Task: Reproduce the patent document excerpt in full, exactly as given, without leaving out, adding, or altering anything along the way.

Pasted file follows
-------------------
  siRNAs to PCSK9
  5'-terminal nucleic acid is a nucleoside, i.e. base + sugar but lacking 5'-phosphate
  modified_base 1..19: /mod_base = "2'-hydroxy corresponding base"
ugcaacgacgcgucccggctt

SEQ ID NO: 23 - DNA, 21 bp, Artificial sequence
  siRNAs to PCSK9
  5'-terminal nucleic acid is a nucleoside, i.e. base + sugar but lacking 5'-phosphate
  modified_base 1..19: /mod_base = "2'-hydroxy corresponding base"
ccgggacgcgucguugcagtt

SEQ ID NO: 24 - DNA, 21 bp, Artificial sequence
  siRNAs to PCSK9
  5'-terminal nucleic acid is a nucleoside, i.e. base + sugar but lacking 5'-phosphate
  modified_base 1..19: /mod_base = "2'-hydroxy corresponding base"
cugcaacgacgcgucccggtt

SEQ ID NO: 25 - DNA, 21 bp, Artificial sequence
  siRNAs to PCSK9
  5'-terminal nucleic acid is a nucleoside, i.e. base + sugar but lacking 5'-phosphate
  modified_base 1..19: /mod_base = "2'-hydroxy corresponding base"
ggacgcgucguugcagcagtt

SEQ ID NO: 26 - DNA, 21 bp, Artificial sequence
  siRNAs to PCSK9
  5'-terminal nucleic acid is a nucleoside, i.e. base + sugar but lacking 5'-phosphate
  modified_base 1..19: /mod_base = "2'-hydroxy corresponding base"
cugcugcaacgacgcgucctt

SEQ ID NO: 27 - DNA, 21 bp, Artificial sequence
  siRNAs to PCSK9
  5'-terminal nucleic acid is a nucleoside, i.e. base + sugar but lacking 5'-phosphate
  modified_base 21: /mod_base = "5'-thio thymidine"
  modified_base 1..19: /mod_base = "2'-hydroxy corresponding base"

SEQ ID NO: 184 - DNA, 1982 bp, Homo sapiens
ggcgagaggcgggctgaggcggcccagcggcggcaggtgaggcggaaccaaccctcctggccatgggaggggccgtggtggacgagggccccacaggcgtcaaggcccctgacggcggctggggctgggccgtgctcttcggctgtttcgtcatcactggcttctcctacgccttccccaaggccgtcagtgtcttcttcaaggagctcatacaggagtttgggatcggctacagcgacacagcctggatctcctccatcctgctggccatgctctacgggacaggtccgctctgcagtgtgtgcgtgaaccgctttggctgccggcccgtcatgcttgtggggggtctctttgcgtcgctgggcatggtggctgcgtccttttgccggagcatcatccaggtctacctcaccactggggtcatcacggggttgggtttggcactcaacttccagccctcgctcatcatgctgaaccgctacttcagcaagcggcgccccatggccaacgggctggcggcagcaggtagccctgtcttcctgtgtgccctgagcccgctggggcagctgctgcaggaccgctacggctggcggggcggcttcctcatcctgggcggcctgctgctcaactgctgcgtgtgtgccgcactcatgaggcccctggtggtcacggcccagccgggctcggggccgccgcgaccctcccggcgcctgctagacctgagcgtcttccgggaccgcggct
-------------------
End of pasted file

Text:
  siRNAs to PCSK9
  5'-terminal nucleic acid is a nucleoside, i.e. base + sugar but lacking 5'-phosphate
  modified_base 1..19: /mod_base = "2'-hydroxy corresponding base"
ugcaacgacgcgucccggctt

SEQ ID NO: 23 - DNA, 21 bp, Artificial sequence
  siRNAs to PCSK9
  5'-terminal nucleic acid is a nucleoside, i.e. base + sugar but lacking 5'-phosphate
  modified_base 1..19: /mod_base = "2'-hydroxy corresponding base"
ccgggacgcgucguugcagtt

SEQ ID NO: 24 - DNA, 21 bp, Artificial sequence
  siRNAs to PCSK9
  5'-terminal nucleic acid is a nucleoside, i.e. base + sugar but lacking 5'-phosphate
  modified_base 1..19: /mod_base = "2'-hydroxy corresponding base"
cugcaacgacgcgucccggtt

SEQ ID NO: 25 - DNA, 21 bp, Artificial sequence
  siRNAs to PCSK9
  5'-terminal nucleic acid is a nucleoside, i.e. base + sugar but lacking 5'-phosphate
  modified_base 1..19: /mod_base = "2'-hydroxy corresponding base"
ggacgcgucguugcagcagtt

SEQ ID NO: 26 - DNA, 21 bp, Artificial sequence
  siRNAs to PCSK9
  5'-terminal nucleic acid is a nucleoside, i.e. base + sugar but lacking 5'-phosphate
  modified_base 1..19: /mod_base = "2'-hydroxy corresponding base"
cugcugcaacgacgcgucctt

SEQ ID NO: 27 - DNA, 21 bp, Artificial sequence
  siRNAs to PCSK9
  5'-terminal nucleic acid is a nucleoside, i.e. base + sugar but lacking 5'-phosphate
  modified_base 21: /mod_base = "5'-thio thymidine"
  modified_base 1..19: /mod_base = "2'-hydroxy corresponding base"

SEQ ID NO: 184 - DNA, 1982 bp, Homo sapiens
ggcgagaggcgggctgaggcggcccagcggcggcaggtgaggcggaaccaaccctcctggccatgggaggggccgtggtggacgagggccccacaggcgtcaaggcccctgacggcggctggggctgggccgtgctcttcggctgtttcgtcatcactggcttctcctacgccttccccaaggccgtcagtgtcttcttcaaggagctcatacaggagtttgggatcggctacagcgacacagcctggatctcctccatcctgctggccatgctctacgggacaggtccgctctgcagtgtgtgcgtgaaccgctttggctgccggcccgtcatgcttgtggggggtctctttgcgtcgctgggcatggtggctgcgtccttttgccggagcatcatccaggtctacctcaccactggggtcatcacggggttgggtttggcactcaacttccagccctcgctcatcatgctgaaccgctacttcagcaagcggcgccccatggccaacgggctggcggcagcaggtagccctgtcttcctgtgtgccctgagcccgctggggcagctgctgcaggaccgctacggctggcggggcggcttcctcatcctgggcggcctgctgctcaactgctgcgtgtgtgccgcactcatgaggcccctggtggtcacggcccagccgggctcggggccgccgcgaccctcccggcgcctgctagacctgagcgtcttccgggaccgcggct